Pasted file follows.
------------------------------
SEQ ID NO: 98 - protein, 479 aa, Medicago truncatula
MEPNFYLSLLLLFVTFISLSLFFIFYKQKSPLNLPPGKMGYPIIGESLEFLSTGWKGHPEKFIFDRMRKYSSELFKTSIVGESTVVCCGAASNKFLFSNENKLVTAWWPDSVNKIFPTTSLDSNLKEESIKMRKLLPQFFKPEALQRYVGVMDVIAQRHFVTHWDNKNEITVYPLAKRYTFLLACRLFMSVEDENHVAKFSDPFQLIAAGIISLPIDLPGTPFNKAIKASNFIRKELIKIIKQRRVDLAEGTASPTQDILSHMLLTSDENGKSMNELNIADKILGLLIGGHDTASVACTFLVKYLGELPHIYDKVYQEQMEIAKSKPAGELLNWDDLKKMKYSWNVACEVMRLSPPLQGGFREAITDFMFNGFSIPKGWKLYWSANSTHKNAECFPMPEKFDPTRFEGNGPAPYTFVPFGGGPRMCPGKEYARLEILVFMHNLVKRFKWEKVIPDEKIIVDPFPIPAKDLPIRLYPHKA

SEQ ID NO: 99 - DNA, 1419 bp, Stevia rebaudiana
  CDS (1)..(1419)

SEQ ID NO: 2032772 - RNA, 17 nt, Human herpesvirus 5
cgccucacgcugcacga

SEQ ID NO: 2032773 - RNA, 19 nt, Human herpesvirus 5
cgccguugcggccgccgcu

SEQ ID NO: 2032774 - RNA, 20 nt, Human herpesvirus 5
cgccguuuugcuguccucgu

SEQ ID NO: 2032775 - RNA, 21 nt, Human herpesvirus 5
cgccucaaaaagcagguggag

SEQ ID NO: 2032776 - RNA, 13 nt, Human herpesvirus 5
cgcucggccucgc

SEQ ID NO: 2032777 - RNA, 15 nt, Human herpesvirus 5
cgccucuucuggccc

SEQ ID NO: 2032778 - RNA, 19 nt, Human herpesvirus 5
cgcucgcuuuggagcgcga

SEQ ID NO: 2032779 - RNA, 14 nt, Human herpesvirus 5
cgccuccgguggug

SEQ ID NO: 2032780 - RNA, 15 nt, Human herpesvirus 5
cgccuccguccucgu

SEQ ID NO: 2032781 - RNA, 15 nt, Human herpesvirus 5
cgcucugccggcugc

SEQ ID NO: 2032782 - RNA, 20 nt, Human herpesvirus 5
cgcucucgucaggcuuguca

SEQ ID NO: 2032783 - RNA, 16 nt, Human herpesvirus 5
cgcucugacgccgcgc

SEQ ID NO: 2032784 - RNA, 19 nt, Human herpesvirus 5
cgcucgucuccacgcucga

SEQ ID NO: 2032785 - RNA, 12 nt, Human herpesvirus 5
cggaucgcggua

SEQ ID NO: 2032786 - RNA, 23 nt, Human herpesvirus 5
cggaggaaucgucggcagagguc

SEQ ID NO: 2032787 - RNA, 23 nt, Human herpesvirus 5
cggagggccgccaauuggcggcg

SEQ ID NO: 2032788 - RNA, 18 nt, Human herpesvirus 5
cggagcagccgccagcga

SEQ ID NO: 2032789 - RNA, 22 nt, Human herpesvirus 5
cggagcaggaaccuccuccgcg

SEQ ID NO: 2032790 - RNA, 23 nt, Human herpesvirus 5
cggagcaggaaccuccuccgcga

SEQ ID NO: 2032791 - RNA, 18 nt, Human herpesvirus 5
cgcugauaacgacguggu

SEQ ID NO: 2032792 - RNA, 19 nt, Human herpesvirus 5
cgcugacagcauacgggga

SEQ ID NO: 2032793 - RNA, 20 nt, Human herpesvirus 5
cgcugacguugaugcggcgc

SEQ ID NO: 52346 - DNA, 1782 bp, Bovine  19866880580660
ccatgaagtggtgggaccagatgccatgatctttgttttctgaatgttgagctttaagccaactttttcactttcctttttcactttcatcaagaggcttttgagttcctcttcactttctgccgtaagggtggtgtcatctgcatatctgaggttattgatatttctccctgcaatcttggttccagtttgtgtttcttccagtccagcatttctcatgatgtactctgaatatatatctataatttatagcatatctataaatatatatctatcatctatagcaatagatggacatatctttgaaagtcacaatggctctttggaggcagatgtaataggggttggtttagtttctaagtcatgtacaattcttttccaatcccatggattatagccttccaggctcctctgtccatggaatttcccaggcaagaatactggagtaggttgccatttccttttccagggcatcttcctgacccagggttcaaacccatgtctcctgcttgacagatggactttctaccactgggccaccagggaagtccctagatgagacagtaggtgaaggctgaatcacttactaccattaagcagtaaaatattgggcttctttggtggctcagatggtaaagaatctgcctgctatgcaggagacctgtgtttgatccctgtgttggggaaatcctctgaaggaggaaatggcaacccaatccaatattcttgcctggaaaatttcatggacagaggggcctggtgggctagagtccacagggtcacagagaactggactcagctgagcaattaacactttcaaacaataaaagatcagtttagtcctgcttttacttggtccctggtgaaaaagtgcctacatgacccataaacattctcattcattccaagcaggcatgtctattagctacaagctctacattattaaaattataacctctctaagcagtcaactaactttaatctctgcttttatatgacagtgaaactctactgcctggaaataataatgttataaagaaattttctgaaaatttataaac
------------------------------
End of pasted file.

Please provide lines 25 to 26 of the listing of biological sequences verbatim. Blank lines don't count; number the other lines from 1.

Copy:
SEQ ID NO: 2032782 - RNA, 20 nt, Human herpesvirus 5
cgcucucgucaggcuuguca